Frances Pinter and David Percy have made an excellent documentary film about business models in the publishing world that use Creative Commons licenses.

Frances has been heading a CC-based publishing project in Africa. It is the Publishing and Alternative Licensing Model of Africa (PALM Africa), is based in Uganda, and South Africa, and she tells me the Ugunda project is going especially well. She also tells me she’ll be soon expanding this idea into other publishing spheres, which is very exciting.

Percy is an award-winning film-maker, and so the production quality of the film is quite high. The film is 30 minutes long, with three 10 minute interviews (to fit into Youtube’s ten minute max).

The interview with me covers a wide range of my background, from Lyris (which went fairly big, and I sold 2 years ago) to Magnatune and BookMooch.

Here is the interview with me:

and the other two interviews…

With Tom Reynolds, the author of Random Acts of Reality:

with Timo Hannay of Nature Magazine:

A very nice story about BookMooch in the newspaper New York Daily News.


My thanks to fellow moocher Norana, for being in the photograph!

I find it interesting that the one fact they got wrong, is that the article believes BookMooch requires members to send out two books for every one they receive. I think the point system is a bit too complicated to explain, as articles are frequently making factual mistakes about it. I’m not sure how to improve it, though.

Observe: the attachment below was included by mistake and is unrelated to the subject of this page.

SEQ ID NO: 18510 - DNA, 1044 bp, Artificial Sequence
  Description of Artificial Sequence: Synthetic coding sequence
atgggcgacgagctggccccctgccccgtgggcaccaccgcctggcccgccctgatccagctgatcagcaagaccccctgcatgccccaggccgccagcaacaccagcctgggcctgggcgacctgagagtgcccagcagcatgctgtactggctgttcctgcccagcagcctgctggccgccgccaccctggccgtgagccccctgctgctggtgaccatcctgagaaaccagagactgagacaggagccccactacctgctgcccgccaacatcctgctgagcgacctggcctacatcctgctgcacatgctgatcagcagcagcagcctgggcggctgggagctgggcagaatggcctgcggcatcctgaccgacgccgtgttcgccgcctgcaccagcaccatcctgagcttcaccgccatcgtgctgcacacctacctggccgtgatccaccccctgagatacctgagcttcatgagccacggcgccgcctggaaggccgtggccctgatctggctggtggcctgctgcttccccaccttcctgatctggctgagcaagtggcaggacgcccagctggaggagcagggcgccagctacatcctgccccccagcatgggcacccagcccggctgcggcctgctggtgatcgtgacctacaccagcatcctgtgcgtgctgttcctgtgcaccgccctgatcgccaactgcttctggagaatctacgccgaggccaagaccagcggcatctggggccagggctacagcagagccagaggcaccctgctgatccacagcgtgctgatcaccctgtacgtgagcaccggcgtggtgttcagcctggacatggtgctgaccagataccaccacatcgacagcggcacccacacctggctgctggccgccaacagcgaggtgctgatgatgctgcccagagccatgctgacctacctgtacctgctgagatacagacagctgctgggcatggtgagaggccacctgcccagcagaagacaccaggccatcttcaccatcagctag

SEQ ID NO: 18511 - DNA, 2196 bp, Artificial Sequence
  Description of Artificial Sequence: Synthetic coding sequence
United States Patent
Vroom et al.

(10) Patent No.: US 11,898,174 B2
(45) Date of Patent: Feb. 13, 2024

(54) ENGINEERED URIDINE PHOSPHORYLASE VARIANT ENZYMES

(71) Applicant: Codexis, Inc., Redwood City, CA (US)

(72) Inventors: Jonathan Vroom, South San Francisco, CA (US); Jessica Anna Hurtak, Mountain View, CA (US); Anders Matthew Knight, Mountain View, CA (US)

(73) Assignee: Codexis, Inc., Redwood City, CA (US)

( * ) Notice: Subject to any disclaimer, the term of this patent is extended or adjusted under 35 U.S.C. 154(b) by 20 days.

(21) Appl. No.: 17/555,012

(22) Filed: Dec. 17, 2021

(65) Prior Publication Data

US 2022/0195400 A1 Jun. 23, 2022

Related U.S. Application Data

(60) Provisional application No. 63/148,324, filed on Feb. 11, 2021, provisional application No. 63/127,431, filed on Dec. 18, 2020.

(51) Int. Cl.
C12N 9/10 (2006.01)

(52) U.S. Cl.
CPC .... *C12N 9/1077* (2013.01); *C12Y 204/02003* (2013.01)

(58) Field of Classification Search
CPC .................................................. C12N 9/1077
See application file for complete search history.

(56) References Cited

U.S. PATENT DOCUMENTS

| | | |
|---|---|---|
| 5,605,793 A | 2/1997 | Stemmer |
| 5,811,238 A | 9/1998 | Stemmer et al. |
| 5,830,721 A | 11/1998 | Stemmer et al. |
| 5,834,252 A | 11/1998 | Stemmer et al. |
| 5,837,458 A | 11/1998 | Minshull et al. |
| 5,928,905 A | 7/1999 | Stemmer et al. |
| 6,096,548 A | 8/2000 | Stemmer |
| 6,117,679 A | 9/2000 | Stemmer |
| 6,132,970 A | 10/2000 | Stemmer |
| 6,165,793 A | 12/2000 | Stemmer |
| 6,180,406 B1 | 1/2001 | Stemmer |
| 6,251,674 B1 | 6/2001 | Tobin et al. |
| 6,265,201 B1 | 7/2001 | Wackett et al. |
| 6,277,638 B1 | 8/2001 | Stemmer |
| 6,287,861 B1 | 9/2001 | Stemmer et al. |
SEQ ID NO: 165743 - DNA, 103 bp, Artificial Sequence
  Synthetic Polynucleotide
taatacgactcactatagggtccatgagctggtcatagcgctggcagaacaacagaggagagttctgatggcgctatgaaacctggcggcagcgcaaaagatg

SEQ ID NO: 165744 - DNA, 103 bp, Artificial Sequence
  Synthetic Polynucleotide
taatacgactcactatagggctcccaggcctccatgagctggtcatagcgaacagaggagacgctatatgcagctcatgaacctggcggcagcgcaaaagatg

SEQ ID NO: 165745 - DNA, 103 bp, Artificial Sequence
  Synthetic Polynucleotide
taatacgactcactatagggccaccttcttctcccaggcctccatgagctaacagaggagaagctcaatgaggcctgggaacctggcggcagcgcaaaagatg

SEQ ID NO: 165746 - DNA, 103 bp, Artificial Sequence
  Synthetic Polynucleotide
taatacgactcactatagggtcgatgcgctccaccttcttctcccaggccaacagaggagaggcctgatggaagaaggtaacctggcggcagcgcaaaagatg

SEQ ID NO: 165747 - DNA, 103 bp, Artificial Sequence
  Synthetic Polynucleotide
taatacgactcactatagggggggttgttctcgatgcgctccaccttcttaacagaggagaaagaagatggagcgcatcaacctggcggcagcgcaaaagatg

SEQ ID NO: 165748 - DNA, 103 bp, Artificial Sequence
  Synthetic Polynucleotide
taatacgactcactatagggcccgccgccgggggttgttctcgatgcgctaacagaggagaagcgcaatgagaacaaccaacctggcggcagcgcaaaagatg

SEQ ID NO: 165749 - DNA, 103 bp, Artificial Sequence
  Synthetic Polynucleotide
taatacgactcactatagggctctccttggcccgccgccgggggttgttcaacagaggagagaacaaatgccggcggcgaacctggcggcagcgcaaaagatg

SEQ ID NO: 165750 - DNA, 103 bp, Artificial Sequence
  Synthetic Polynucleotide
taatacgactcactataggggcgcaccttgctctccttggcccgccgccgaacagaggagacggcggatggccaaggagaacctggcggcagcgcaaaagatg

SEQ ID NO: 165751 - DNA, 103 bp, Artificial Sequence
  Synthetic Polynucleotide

Several people suggested in my previous blog post that the newly introduced system for “ask me first” has too many clicks.

Instead, they’d like to see it be possible for someone to mooch immediately from an “ask me” person, and the book owner is able to reject the mooch without any penalty.

That would definitely work, and be a less complicated workflow. It also has the advantage of removing books from circulation that are in an “ask first” stage so that others aren’t frustrated by being told they’re there, but not being able to mooch them since they’re reserved.

What do other people think of this alternative?

To recap, this would mean that the current “ask first” workflow would go away, and instead anyone would be able to mooch from an “ask first” person. People with “ask first” would get a slightly different “someone has mooched from you” email, that would make it clear that they can reject the mooch without any penalty.